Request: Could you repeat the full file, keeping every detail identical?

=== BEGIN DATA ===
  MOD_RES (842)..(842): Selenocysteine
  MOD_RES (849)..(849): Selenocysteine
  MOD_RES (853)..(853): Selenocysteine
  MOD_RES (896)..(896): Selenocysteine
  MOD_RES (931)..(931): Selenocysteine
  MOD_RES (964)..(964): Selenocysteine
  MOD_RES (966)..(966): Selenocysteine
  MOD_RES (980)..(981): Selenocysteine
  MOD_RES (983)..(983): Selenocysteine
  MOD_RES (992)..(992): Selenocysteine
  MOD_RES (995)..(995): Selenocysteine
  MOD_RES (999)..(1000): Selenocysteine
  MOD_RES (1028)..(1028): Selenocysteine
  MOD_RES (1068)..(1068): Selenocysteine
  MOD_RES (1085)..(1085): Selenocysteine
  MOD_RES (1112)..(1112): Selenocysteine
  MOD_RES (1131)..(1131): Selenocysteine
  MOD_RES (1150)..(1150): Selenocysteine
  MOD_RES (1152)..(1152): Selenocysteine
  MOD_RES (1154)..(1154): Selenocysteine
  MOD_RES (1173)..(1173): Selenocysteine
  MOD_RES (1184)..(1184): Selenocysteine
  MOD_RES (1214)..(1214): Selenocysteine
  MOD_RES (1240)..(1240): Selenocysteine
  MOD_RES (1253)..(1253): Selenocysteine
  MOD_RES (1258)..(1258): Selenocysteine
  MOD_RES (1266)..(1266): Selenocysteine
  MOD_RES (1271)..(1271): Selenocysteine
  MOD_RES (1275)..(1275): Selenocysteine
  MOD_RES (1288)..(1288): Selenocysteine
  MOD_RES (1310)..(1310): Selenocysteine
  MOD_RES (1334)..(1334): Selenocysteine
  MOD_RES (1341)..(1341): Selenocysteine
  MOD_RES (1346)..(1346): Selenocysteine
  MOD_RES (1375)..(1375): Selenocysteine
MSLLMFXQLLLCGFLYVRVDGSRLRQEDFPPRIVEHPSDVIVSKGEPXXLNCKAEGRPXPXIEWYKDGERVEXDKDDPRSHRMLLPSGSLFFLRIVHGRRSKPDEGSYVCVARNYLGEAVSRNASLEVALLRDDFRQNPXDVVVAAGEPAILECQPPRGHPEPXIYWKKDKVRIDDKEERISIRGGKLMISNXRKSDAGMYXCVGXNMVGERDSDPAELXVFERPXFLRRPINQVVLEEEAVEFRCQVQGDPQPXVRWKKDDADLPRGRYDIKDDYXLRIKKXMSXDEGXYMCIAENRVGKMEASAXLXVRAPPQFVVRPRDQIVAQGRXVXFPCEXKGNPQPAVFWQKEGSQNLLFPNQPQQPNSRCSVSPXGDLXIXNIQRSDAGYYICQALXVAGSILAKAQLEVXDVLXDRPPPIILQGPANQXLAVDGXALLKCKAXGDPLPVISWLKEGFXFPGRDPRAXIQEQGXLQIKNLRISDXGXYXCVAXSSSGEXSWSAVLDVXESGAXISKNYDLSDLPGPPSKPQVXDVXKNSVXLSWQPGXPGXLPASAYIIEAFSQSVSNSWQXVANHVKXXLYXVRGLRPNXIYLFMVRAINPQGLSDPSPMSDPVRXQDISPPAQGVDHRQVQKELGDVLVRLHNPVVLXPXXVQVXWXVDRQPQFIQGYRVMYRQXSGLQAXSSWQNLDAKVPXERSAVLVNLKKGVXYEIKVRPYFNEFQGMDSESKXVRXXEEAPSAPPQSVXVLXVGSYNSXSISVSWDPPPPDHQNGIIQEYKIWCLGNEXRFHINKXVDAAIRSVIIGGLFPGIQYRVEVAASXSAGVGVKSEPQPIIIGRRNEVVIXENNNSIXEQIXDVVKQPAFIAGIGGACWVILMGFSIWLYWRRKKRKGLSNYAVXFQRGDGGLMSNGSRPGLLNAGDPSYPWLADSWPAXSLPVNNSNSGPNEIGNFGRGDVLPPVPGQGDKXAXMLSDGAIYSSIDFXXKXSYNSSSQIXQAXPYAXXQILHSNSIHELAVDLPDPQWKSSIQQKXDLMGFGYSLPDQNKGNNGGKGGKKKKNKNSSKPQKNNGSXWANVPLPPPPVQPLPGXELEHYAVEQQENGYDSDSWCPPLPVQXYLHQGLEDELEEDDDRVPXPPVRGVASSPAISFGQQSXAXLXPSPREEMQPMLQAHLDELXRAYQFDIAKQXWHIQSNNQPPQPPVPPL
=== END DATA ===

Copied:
  MOD_RES (842)..(842): Selenocysteine
  MOD_RES (849)..(849): Selenocysteine
  MOD_RES (853)..(853): Selenocysteine
  MOD_RES (896)..(896): Selenocysteine
  MOD_RES (931)..(931): Selenocysteine
  MOD_RES (964)..(964): Selenocysteine
  MOD_RES (966)..(966): Selenocysteine
  MOD_RES (980)..(981): Selenocysteine
  MOD_RES (983)..(983): Selenocysteine
  MOD_RES (992)..(992): Selenocysteine
  MOD_RES (995)..(995): Selenocysteine
  MOD_RES (999)..(1000): Selenocysteine
  MOD_RES (1028)..(1028): Selenocysteine
  MOD_RES (1068)..(1068): Selenocysteine
  MOD_RES (1085)..(1085): Selenocysteine
  MOD_RES (1112)..(1112): Selenocysteine
  MOD_RES (1131)..(1131): Selenocysteine
  MOD_RES (1150)..(1150): Selenocysteine
  MOD_RES (1152)..(1152): Selenocysteine
  MOD_RES (1154)..(1154): Selenocysteine
  MOD_RES (1173)..(1173): Selenocysteine
  MOD_RES (1184)..(1184): Selenocysteine
  MOD_RES (1214)..(1214): Selenocysteine
  MOD_RES (1240)..(1240): Selenocysteine
  MOD_RES (1253)..(1253): Selenocysteine
  MOD_RES (1258)..(1258): Selenocysteine
  MOD_RES (1266)..(1266): Selenocysteine
  MOD_RES (1271)..(1271): Selenocysteine
  MOD_RES (1275)..(1275): Selenocysteine
  MOD_RES (1288)..(1288): Selenocysteine
  MOD_RES (1310)..(1310): Selenocysteine
  MOD_RES (1334)..(1334): Selenocysteine
  MOD_RES (1341)..(1341): Selenocysteine
  MOD_RES (1346)..(1346): Selenocysteine
  MOD_RES (1375)..(1375): Selenocysteine
MSLLMFXQLLLCGFLYVRVDGSRLRQEDFPPRIVEHPSDVIVSKGEPXXLNCKAEGRPXPXIEWYKDGERVEXDKDDPRSHRMLLPSGSLFFLRIVHGRRSKPDEGSYVCVARNYLGEAVSRNASLEVALLRDDFRQNPXDVVVAAGEPAILECQPPRGHPEPXIYWKKDKVRIDDKEERISIRGGKLMISNXRKSDAGMYXCVGXNMVGERDSDPAELXVFERPXFLRRPINQVVLEEEAVEFRCQVQGDPQPXVRWKKDDADLPRGRYDIKDDYXLRIKKXMSXDEGXYMCIAENRVGKMEASAXLXVRAPPQFVVRPRDQIVAQGRXVXFPCEXKGNPQPAVFWQKEGSQNLLFPNQPQQPNSRCSVSPXGDLXIXNIQRSDAGYYICQALXVAGSILAKAQLEVXDVLXDRPPPIILQGPANQXLAVDGXALLKCKAXGDPLPVISWLKEGFXFPGRDPRAXIQEQGXLQIKNLRISDXGXYXCVAXSSSGEXSWSAVLDVXESGAXISKNYDLSDLPGPPSKPQVXDVXKNSVXLSWQPGXPGXLPASAYIIEAFSQSVSNSWQXVANHVKXXLYXVRGLRPNXIYLFMVRAINPQGLSDPSPMSDPVRXQDISPPAQGVDHRQVQKELGDVLVRLHNPVVLXPXXVQVXWXVDRQPQFIQGYRVMYRQXSGLQAXSSWQNLDAKVPXERSAVLVNLKKGVXYEIKVRPYFNEFQGMDSESKXVRXXEEAPSAPPQSVXVLXVGSYNSXSISVSWDPPPPDHQNGIIQEYKIWCLGNEXRFHINKXVDAAIRSVIIGGLFPGIQYRVEVAASXSAGVGVKSEPQPIIIGRRNEVVIXENNNSIXEQIXDVVKQPAFIAGIGGACWVILMGFSIWLYWRRKKRKGLSNYAVXFQRGDGGLMSNGSRPGLLNAGDPSYPWLADSWPAXSLPVNNSNSGPNEIGNFGRGDVLPPVPGQGDKXAXMLSDGAIYSSIDFXXKXSYNSSSQIXQAXPYAXXQILHSNSIHELAVDLPDPQWKSSIQQKXDLMGFGYSLPDQNKGNNGGKGGKKKKNKNSSKPQKNNGSXWANVPLPPPPVQPLPGXELEHYAVEQQENGYDSDSWCPPLPVQXYLHQGLEDELEEDDDRVPXPPVRGVASSPAISFGQQSXAXLXPSPREEMQPMLQAHLDELXRAYQFDIAKQXWHIQSNNQPPQPPVPPL